OpenID logoThanks to those of you who re-elected me to a two-year term on the OpenID Foundation board of directors. As I wrote in my candidate statement, while OpenID is having notable successes, our work is far from done. Taking it to the next level will involve both additional specifications and strategic initiatives by the foundation. I plan to continue taking an active role in making open identity solutions even more successful, valuable, and ubiquitous. Thanks for placing your trust in me!

I’d like to also take this opportunity to congratulate my fellow board members who were also re-elected: Torsten Lodderstedt, John Bradley, and George Fletcher. See the OpenID Foundation’s announcement of the 2015 election results for more information.

February 6, 2014
Congratulations to Torsten Lodderstedt on his election to the OpenID Board

OpenID logoMy congratulations to Torsten Lodderstedt on his election to the OpenID Board on behalf of Deutsche Telekom. And my thanks to Lasse Andresen of ForgeRock and Chuck Mortimore of Salesforce for also being willing to serve. I look forward to serving on the board with Torsten and agree with Chuck’s comment that any of these candidates would do a fine job!

July 30, 2013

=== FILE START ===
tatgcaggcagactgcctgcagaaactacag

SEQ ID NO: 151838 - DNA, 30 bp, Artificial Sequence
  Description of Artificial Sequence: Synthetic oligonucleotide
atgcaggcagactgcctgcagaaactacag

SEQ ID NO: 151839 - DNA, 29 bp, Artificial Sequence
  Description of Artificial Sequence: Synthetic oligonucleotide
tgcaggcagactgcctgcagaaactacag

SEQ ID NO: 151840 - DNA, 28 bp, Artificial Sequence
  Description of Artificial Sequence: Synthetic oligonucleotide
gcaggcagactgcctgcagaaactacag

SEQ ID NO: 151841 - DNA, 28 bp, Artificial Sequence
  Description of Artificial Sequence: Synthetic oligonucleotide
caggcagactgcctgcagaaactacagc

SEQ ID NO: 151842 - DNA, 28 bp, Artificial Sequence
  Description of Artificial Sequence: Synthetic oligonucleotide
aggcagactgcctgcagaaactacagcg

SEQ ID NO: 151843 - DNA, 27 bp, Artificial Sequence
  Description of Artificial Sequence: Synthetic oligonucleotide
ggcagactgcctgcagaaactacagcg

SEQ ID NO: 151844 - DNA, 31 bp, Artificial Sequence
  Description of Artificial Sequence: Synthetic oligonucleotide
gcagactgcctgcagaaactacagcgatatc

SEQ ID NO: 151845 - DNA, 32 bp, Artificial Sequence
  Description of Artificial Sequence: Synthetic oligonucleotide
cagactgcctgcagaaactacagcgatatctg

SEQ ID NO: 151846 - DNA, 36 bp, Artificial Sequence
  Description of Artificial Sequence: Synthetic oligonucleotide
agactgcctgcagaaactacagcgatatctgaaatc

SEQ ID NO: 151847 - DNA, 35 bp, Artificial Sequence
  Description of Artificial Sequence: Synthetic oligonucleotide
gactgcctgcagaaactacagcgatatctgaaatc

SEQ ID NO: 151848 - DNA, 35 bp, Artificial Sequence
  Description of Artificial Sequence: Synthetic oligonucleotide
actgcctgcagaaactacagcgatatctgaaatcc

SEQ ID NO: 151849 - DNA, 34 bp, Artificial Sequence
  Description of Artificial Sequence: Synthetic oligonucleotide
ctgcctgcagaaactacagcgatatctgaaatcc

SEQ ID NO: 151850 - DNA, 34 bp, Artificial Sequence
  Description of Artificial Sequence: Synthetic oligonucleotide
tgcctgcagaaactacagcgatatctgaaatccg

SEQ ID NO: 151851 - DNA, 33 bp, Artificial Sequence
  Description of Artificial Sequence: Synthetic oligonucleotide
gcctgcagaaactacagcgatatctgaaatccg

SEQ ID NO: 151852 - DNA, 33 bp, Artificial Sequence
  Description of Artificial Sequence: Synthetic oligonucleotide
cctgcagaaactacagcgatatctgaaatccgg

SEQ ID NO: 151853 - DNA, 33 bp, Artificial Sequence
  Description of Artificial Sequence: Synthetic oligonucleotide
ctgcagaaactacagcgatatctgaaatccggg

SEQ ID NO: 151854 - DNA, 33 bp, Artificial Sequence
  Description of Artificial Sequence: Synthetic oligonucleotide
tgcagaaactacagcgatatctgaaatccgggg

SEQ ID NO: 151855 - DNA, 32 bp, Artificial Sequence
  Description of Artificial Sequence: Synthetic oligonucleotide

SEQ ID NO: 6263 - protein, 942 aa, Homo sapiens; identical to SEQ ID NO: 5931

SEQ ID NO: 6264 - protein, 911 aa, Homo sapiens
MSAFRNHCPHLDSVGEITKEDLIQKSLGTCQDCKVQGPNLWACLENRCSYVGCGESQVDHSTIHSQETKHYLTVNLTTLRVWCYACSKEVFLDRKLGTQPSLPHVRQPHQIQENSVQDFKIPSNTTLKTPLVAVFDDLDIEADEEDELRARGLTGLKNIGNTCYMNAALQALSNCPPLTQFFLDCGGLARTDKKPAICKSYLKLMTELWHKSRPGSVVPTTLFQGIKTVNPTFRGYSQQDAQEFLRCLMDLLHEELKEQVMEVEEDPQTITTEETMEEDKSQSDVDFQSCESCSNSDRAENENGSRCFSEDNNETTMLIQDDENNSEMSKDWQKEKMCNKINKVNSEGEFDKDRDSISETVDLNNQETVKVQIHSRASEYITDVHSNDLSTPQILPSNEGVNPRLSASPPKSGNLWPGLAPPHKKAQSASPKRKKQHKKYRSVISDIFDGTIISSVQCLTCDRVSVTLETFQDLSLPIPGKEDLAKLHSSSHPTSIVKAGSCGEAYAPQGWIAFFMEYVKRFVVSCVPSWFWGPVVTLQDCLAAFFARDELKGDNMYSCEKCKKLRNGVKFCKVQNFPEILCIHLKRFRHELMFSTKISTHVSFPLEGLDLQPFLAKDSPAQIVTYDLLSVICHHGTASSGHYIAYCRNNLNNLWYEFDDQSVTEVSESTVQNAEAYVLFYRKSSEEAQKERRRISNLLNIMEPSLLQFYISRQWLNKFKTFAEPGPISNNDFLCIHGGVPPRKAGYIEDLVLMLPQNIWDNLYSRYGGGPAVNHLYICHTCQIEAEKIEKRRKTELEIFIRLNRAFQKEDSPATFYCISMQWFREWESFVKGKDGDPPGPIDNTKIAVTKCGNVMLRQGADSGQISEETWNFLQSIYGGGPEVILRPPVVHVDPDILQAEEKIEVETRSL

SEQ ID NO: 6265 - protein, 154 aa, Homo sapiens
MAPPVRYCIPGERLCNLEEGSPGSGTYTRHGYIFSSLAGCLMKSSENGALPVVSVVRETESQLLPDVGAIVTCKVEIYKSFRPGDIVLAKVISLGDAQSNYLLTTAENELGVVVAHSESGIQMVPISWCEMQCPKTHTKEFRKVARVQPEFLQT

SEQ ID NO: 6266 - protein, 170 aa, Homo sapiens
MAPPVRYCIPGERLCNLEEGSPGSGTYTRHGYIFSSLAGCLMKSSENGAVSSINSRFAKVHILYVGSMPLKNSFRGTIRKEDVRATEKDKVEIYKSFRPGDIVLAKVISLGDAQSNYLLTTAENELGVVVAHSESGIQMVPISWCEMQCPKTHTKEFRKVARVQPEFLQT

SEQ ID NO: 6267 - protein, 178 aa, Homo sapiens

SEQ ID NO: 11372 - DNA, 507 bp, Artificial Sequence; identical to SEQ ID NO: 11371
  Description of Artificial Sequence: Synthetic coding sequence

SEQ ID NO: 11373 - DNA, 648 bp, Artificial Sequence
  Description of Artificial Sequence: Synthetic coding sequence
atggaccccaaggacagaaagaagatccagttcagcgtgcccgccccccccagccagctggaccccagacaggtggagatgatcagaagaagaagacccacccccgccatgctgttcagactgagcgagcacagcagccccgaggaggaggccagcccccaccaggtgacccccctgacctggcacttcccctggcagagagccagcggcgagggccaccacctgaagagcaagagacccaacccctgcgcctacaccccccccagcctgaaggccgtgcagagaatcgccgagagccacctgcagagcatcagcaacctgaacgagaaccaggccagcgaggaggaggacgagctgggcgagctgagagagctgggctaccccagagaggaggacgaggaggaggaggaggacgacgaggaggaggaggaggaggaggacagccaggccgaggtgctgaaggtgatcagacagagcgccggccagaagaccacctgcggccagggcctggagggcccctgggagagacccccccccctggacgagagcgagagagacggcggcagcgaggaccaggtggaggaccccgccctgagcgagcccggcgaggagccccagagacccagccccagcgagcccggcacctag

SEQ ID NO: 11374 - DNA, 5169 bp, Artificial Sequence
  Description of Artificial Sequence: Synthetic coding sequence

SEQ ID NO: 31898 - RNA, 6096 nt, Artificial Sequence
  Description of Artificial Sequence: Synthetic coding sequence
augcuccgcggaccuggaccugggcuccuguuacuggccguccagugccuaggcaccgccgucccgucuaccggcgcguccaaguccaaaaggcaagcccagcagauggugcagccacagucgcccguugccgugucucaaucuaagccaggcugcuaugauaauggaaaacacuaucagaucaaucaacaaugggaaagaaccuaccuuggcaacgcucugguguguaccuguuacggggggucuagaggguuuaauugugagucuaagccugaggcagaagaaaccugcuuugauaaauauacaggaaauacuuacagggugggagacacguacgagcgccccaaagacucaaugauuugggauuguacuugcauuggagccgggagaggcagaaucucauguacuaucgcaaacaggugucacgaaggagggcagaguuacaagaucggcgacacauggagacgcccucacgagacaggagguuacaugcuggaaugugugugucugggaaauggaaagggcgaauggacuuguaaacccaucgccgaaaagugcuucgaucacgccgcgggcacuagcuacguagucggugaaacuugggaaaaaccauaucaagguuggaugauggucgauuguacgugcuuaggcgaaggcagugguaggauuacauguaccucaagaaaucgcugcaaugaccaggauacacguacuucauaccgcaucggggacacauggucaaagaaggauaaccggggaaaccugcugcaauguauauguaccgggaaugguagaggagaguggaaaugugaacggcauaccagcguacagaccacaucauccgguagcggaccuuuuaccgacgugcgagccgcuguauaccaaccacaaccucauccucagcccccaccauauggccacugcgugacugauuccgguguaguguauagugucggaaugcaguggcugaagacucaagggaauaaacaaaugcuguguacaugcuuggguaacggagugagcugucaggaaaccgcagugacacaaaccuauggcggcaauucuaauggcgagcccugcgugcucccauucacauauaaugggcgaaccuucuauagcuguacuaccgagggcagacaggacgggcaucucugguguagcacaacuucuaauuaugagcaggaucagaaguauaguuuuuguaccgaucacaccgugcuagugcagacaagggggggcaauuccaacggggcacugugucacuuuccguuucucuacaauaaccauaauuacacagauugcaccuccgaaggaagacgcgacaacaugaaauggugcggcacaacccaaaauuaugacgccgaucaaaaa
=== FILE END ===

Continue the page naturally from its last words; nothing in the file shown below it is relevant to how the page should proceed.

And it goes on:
OpenID Connect Server in a Nutshell

OpenID logoNat Sakimura has written a valuable post describing how to write an OpenID Connect server in three simple steps. It shows by example how simple it is for OAuth servers to add OpenID Connect functionality. This post is a companion to his previous post OpenID Connect in a Nutshell, which described how simple it is to build OpenID Connect clients. If you’re involved in OpenID Connect in any way, or are considering becoming involved, these posts are well worth reading.

April 9, 2013
Tim Bray on ID Tokens

OpenID logoTim Bray has written a post giving his take on what ID Tokens are and why they’re valuable, both for OpenID Connect and beyond. Full of geeky identity goodness…

February 14, 2013
Thanks for Voting in the OpenID Board Election

OpenID logoAs you may have seen, the results of the 2013 OpenID Board Election have been announced. Thanks to all of you who participated and thank you for entrusting me with a seat on the board for the next two years. My congratulations to my fellow board community members as well. I intend to make the most of this opportunity to continue making people’s online interactions more seamless, secure, and valuable.

January 25, 2013
Please Vote Now in the OpenID Board Election

OpenID logoThe election for community (individual) OpenID board members is under way at https://openid.net/foundation/members/elections/14. I encourage all of you to vote now. (Don’t wait until the morning of Wednesday, February 6th!) If you’re not already an OpenID Foundation member, you can join for USD $25 at https://openid.net/foundation/members/registration and participate in the election.

I’m running for the board this time and would appreciate your vote. My candidate statement, which is also posted on the election site, follows.


OpenID has the potential to make people’s online interactions seamless, secure, and more valuable. I am already working to make that a reality.